Health Information Management

AMA and its quest for ICD-10 delay

HIM-HIPAA Insider, December 9, 2013

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You may remember that the American Medical Association (AMA) has been pushing for an end to ICD-10 since 2012. During its recent House of Delegates meeting, the AMA reinforced its position that ICD-10 implementation should be delayed by two years. It initially put forth that resolution in June.

The AMA already helped force CMS to delay implementation of ICD-10 from October 1, 2013, to October 1, 2014. That may not have been a great thing for physicians, according to Paul Weygandt, MD, JD, MPH, MBA, CCS, vice president of physician services for J.A. Thomas and Associates in Atlanta.

“The worst thing for physicians was that the AMA delayed ICD-10 by one year,” he told AHIMA Convention attendees. That gave physicians the idea that the AMA will stop ICD-10 implementation again.

How do you get physicians on board for ICD-10 when the AMA is not? Remind them that ICD-10 doesn’t change the way they practice medicine. They will still treat patients the same way they do now. We’re just asking them to document a little more.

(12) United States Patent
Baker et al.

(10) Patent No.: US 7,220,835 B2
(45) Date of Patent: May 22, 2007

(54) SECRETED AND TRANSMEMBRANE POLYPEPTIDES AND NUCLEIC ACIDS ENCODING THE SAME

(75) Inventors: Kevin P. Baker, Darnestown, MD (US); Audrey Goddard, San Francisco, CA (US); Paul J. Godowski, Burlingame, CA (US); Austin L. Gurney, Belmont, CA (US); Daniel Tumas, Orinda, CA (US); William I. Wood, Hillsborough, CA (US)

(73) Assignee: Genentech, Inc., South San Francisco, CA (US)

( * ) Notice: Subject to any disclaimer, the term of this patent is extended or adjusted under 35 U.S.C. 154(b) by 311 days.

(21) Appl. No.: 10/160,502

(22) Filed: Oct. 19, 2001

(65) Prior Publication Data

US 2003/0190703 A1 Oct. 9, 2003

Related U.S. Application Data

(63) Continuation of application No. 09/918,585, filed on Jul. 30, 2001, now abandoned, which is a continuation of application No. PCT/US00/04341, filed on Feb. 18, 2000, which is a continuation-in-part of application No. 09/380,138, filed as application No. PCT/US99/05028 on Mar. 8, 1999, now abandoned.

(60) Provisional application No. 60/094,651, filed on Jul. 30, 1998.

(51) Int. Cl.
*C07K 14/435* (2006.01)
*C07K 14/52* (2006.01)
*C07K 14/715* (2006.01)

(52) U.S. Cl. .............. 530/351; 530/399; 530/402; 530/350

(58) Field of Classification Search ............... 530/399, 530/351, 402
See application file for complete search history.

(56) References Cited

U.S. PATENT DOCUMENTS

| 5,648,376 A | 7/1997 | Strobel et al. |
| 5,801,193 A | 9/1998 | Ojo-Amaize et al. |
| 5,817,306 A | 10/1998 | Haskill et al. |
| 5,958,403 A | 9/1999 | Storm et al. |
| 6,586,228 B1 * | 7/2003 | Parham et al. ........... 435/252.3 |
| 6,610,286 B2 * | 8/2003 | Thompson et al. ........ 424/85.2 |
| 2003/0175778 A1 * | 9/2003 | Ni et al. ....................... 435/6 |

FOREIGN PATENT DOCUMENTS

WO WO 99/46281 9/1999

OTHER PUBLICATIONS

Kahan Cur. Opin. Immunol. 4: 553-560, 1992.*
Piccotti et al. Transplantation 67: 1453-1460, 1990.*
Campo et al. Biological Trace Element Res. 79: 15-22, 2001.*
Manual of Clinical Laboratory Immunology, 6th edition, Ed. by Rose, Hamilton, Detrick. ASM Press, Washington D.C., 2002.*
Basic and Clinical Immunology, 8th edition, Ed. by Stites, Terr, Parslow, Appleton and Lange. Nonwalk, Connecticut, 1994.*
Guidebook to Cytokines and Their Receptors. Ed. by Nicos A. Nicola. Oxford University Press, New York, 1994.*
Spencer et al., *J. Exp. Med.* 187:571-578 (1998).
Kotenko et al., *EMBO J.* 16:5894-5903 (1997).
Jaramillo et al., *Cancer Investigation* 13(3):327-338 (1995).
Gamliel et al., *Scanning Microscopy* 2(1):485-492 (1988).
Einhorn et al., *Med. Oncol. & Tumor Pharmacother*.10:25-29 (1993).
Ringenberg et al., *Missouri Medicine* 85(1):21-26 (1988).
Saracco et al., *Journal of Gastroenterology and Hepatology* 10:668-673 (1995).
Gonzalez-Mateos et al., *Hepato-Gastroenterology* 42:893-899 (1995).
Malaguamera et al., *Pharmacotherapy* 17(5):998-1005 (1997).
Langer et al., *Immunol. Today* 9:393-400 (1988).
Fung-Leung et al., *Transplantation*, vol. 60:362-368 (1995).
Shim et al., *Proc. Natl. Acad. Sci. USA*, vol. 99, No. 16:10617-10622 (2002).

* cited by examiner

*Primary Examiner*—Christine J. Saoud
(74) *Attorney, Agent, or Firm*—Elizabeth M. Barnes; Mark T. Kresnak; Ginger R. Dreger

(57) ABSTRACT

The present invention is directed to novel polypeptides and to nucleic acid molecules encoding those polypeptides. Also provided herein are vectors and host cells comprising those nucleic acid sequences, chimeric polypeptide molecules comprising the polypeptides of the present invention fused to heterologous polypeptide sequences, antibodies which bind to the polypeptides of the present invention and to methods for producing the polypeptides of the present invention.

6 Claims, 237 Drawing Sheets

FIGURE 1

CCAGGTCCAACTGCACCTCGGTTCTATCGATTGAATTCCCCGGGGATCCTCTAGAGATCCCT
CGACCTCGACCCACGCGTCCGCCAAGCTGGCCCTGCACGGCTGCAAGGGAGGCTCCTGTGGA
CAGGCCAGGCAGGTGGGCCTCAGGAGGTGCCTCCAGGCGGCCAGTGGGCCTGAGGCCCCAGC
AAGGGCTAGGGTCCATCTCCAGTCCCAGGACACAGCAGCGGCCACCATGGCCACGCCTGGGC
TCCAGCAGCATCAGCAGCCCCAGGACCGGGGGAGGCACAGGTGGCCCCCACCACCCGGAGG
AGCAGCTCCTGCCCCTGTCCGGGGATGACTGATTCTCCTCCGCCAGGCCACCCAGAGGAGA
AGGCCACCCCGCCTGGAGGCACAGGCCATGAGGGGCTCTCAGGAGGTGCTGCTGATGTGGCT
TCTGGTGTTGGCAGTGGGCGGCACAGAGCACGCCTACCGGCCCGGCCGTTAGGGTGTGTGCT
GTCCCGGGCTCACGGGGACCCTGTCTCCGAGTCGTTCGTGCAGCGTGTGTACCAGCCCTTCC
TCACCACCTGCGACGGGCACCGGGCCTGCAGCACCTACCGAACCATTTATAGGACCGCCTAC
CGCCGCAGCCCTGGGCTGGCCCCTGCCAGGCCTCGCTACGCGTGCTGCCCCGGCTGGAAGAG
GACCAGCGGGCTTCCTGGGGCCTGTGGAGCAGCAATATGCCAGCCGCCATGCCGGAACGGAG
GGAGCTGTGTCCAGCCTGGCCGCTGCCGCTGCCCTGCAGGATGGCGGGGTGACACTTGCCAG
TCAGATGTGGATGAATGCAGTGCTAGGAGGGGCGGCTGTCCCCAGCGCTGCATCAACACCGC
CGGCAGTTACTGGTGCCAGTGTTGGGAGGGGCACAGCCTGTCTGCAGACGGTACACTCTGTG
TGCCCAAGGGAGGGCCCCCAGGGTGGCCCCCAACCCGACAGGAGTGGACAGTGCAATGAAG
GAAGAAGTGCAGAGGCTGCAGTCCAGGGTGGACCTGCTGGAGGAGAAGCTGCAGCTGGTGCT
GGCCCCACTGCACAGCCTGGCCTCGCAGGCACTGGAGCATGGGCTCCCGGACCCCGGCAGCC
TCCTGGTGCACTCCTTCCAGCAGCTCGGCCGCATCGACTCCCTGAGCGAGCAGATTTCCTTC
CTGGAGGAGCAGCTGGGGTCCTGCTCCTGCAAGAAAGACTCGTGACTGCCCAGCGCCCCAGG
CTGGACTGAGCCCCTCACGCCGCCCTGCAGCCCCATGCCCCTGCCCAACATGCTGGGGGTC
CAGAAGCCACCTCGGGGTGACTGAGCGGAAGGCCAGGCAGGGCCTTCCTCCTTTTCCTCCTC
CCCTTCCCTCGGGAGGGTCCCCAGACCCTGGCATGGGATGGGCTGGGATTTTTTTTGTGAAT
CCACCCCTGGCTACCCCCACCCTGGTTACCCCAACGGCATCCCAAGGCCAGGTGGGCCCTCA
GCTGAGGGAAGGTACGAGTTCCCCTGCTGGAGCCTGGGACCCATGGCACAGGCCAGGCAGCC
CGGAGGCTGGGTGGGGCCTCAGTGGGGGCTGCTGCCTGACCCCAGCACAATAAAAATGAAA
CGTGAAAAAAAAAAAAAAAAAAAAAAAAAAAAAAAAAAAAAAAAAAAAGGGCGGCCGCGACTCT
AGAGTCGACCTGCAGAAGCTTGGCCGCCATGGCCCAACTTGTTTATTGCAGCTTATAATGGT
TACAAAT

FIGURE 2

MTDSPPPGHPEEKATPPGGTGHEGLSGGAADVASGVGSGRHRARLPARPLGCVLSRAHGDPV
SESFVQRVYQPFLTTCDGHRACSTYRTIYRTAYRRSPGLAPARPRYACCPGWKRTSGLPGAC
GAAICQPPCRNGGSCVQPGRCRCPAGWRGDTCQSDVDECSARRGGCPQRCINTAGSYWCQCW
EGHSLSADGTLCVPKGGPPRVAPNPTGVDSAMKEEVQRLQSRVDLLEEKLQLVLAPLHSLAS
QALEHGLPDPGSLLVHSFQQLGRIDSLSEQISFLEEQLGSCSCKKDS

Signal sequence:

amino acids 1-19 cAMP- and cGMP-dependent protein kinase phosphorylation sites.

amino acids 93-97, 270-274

Physicians are likely documenting much of the necessary information already, such as laterality, because it’s good patient care. The physician wants to know where an injury occurred so when the patient comes back for a follow up, he or she is checking the correct area.

ICD-10 is also written in more clinical terms and less in coder speak, which means docs will need to learn less than coders. For example, many pulmonologists already describe asthma as:

  • Mild intermittent
  • Mild persistent
  • Moderate persistent
  • Severe persistent
ICD-10-CM now uses those terms.

For myocardial infarctions, physicians have been documenting STEMI and non-STEMI for years, Weygandt says. In ICD-10-CM, coders will be able to report it that way.

Don’t tell physicians what they need to document. Tell them what they aren’t documenting. Give them a (figurative) pat on the head for the things they are doing correctly. And ask them if they would accept their documentation if it came from a resident.

“Good documentation for ICD-10 is what we should be teaching residents because it’s good clinical care,” Weygandt says.

ICD-10 is coming, whether the AMA wants it to or not. Work with your physicians now so you are all ready for the change.

This article originally appeared on HCPro’s ICD-10 Trainer blog.

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